The course was designed to develop a corps of paraprofessionals to help Rutgers engineers and scientists identify sites ripe for rain gardens and other green techniques to “keep the rain from the drain.”  The classroom training took place at Duke Farms, a model of environmental stewardship, and at Rutgers, where we also stepped outside to examine how a parking lot could be fitted with green features.

Instructor Chris Obropta described the problems posed by stormwater, the solutions offered by green infrastructure, and the role we would play initially in scouting out potential locations through aerial maps, photos, site visits and other analysis, and then writing up our findings.

I have a head start in Hamilton.  Our town officials are supportive of the initiative and the program already has found 72 candidate sites in our six sub-watersheds, including hard surfaces at my local Little League field and firehouse.  Large rain gardens have been installed at two of our high schools, providing real life lessons for students.

With certificate in hand, I’m looking forward to taking the next steps with the folks from Rutgers.

About the Author: Tom Damm has been with EPA since 2002 and now serves as communications coordinator for the region’s Water Protection Division.

Editor's Note: The opinions expressed here are those of the author. They do not reflect EPA policy, endorsement, or action, and EPA does not verify the accuracy or science of the contents of the blog.

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New England Students Recycle

Greetings from New England!Each Monday we write about the New England environment and way of life seen through our local perspective. Previous posts

by Jeri Weiss 

After cataloguing every pen and binder in my son’s school supply pile, we’re still left with a long list of things to buy before he heads back to college.  Could it be true that none of last year’s binders could be used again? Didn’t we just buy him a fan for his room last year? What happened to the extensions cords and that plastic bin for his extra school supplies?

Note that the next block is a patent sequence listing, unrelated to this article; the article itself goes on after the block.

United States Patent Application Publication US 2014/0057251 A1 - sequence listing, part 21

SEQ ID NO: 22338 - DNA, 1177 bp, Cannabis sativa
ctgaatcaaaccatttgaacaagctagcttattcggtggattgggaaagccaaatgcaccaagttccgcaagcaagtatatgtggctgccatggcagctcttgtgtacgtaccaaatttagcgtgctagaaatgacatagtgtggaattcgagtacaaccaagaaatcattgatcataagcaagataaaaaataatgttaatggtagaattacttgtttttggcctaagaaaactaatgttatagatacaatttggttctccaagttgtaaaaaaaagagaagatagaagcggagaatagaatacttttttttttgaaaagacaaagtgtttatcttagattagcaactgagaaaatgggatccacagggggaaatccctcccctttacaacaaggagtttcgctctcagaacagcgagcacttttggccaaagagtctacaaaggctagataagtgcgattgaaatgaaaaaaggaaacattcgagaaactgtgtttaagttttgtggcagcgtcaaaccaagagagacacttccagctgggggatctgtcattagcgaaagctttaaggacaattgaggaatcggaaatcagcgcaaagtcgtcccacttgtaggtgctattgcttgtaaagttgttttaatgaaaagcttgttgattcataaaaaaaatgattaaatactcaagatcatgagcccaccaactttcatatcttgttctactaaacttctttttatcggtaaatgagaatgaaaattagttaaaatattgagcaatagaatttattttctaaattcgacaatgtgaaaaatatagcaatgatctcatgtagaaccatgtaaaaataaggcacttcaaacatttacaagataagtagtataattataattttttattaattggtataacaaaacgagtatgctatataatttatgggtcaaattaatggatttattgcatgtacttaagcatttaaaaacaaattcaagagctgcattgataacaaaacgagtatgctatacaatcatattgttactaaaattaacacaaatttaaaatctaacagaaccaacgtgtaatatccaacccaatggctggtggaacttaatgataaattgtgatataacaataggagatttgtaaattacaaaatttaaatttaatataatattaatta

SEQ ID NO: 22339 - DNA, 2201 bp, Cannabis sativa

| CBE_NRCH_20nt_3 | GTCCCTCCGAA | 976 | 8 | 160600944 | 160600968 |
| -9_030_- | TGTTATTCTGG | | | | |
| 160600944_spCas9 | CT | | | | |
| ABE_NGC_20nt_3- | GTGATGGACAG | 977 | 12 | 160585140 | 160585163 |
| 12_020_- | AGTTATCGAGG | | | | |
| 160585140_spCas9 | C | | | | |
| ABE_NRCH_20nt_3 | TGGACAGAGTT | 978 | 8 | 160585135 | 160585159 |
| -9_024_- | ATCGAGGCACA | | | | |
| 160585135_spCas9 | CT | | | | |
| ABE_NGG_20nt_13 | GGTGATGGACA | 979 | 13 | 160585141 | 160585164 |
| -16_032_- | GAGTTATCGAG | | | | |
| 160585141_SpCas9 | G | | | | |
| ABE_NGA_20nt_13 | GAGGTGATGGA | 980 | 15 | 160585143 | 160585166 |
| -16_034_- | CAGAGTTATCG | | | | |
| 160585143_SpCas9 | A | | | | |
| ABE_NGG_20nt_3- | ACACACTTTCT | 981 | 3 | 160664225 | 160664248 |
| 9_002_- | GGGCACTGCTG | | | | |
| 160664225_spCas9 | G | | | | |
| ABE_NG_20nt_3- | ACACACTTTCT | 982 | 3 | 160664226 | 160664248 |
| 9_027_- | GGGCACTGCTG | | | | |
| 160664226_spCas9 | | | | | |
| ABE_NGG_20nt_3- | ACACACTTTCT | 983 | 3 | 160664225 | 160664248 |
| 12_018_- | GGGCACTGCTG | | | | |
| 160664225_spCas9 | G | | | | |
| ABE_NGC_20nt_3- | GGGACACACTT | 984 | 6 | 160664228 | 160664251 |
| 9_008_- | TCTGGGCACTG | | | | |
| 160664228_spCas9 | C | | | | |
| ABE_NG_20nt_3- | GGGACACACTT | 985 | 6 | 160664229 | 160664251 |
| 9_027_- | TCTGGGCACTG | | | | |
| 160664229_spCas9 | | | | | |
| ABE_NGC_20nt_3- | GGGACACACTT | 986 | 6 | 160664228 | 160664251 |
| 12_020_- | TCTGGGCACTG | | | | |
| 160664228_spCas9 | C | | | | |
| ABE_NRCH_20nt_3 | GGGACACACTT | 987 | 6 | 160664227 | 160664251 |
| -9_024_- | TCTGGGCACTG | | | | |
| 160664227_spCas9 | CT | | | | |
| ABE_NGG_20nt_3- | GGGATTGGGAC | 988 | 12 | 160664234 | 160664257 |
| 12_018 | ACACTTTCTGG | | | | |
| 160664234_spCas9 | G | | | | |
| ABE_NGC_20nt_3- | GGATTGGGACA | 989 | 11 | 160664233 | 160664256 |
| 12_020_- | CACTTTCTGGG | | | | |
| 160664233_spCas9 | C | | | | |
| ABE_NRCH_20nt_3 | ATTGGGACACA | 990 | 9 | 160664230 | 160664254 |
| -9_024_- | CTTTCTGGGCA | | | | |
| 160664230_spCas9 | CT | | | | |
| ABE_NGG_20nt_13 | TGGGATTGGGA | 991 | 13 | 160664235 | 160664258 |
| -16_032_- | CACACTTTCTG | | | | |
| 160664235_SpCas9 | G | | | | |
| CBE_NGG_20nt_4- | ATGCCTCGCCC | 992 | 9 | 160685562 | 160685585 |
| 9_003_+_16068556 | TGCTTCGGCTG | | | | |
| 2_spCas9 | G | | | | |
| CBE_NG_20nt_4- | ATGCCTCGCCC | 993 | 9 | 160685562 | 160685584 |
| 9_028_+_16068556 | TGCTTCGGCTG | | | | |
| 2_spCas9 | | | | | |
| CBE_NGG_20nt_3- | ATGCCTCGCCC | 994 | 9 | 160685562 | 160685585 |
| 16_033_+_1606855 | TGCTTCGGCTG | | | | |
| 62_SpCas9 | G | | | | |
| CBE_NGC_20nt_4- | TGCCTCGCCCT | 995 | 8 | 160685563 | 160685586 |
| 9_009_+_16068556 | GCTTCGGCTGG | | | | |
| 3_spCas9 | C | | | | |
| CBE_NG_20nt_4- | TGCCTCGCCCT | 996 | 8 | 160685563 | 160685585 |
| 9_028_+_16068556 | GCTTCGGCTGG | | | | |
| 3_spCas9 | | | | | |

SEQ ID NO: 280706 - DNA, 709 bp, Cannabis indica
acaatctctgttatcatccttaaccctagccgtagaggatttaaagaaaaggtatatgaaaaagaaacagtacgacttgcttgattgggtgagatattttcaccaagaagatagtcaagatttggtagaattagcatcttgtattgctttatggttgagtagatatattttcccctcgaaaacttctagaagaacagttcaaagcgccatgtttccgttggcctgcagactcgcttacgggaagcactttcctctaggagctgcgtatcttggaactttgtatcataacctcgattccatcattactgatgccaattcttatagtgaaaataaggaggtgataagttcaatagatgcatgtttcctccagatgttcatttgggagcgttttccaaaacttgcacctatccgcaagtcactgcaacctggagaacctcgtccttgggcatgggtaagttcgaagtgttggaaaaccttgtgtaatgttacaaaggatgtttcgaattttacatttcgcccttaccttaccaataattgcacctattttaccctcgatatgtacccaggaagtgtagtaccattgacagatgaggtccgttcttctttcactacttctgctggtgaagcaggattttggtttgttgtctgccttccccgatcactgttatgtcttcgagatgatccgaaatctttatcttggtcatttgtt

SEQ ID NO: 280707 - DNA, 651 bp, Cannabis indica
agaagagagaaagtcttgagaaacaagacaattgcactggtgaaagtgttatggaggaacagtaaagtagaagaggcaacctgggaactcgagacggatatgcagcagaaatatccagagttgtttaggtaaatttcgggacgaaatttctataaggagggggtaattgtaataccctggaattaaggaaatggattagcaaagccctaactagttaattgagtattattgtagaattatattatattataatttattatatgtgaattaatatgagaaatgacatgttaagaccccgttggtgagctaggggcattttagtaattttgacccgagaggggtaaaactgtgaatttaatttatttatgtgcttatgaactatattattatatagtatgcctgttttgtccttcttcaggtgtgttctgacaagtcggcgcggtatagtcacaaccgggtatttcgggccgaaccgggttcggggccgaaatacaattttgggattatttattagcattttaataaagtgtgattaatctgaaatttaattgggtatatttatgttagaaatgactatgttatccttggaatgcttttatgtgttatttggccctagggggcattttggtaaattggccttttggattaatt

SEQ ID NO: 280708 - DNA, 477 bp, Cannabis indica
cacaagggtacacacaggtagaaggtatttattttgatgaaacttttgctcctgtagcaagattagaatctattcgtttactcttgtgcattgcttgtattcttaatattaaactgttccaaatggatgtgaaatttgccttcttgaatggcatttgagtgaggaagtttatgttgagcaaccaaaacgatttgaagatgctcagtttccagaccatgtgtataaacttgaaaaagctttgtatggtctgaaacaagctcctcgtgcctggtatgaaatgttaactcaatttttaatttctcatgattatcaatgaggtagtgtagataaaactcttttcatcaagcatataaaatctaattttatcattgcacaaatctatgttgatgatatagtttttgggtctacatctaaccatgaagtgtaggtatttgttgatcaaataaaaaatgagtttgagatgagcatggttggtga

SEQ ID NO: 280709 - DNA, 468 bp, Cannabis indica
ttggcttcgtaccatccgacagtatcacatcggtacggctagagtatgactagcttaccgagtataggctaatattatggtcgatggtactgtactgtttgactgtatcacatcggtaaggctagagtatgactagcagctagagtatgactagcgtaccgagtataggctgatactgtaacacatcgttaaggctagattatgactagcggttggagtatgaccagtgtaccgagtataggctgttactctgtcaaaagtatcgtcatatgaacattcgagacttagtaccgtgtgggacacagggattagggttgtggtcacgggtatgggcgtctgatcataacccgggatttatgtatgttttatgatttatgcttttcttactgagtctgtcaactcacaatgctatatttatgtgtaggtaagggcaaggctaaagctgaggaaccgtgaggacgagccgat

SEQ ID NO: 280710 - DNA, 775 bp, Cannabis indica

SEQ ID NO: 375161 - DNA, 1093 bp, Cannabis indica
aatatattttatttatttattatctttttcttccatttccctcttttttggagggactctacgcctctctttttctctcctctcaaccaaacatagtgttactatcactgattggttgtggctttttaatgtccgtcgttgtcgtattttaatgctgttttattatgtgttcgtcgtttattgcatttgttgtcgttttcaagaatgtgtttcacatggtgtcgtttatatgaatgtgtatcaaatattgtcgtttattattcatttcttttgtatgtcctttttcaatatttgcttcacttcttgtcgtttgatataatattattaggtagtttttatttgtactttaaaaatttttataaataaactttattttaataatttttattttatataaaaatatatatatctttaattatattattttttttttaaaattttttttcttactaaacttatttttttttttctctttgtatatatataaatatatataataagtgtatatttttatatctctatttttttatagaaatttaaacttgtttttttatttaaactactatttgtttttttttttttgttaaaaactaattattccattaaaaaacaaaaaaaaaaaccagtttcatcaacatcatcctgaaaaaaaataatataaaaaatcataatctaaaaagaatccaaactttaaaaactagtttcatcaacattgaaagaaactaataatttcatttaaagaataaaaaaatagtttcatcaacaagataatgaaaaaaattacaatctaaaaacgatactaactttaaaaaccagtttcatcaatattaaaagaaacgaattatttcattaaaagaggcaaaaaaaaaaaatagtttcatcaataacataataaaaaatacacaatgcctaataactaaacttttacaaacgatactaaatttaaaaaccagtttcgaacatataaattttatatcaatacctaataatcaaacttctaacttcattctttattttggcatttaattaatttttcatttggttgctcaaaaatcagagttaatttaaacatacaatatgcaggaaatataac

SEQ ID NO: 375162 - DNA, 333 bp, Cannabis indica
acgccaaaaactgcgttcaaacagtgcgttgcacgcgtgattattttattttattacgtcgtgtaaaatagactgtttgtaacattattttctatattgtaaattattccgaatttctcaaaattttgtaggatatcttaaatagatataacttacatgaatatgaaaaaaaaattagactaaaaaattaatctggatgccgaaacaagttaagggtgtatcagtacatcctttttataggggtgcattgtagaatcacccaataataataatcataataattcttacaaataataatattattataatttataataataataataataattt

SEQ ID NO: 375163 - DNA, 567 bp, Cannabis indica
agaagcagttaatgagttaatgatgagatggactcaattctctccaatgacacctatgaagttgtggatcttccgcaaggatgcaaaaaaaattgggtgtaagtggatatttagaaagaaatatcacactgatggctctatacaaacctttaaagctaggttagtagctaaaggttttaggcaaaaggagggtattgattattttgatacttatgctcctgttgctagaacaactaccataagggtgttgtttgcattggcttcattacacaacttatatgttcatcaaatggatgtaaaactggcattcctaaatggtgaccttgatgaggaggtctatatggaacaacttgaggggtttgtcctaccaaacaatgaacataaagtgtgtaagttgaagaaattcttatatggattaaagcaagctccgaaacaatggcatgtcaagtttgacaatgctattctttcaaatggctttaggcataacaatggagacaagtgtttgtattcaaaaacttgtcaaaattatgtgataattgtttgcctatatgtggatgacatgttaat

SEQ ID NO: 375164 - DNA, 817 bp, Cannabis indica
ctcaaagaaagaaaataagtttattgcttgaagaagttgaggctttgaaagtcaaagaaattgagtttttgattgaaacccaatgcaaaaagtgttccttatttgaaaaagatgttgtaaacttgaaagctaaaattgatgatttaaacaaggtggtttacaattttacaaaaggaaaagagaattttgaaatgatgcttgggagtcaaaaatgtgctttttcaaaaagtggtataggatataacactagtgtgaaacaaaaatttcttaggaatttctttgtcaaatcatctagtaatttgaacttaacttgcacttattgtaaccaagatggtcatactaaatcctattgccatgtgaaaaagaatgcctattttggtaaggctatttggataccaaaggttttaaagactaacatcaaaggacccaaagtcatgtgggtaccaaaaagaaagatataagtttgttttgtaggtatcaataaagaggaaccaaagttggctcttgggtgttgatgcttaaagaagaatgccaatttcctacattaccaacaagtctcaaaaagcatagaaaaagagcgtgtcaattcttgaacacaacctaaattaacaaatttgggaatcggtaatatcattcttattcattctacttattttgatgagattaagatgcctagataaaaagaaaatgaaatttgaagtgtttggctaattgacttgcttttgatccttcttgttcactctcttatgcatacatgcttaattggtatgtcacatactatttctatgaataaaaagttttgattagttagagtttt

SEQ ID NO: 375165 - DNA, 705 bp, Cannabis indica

Last week I saw how college students at the University of New Hampshire (UNH) are changing how we can think about back-to-school shopping.  A few years ago, a group of UNH students were appalled at the amount of furniture, clothing, and useful stuff being tossed out at the end of the school year.  They learned four times as much trash got picked up in May as in other months throughout the year.  They realized lots of stuff tossed out was in good condition.  And they saw thousands of items that could be cleaned and re-sold in the fall to a new crop of students.

The UNH students raised $9,000 and developed a plan to collect unwanted items in the spring and store them.  Student volunteers helped clean and organize items before the Trash 2 Treasure yard sale in fall. The first year the sale was in a tent and raised $12,000. The next year they needed a larger space and made $20,000. This year, the third Trash 2 Treasure sale was so big it was moved to the UNH Hockey Arena.

According to UNH, the sale diverted 45 tons of waste last year, bringing the total amount diverted over three years to 110 tons. This has saved UNH about $10,000 in disposal fees. The total raised over the three years was $54,000. Through the sale, parents and students saved about $216,000 at the sale.

This is Reuse at its finest.

The students who started the Trash 2 Treasure sale have expanded. They have gotten themselves a board of directors and advisors. They call themselves the Post-Landfill Action Network and hope to support other colleges and universities. Schools that don’t have similar programs can get funding and resources to start one. And the network will support schools that already have move-out programs to help them improve.

It’s great to see students taking action, and to watch as they work to help other colleges and universities reduce their waste.  Maybe next year my son will buy some gently used binders and plastic bins at his own school’s yard sale rather than buying new supplies he won’t need in a year.

Learn more about Post-Landfill Action Network: www.postlandfill.org.

UNH

About the author: Jeri Weiss works in EPA’s Boston office, where she is one of the region’s experts on recycling and waste management issues.

Editor's Note: The opinions expressed here are those of the author. They do not reflect EPA policy, endorsement, or action, and EPA does not verify the accuracy or science of the contents of the blog.

Please share this post. However, please don't change the title or the content. If you do make changes, don't attribute the edited title or content to EPA or the author.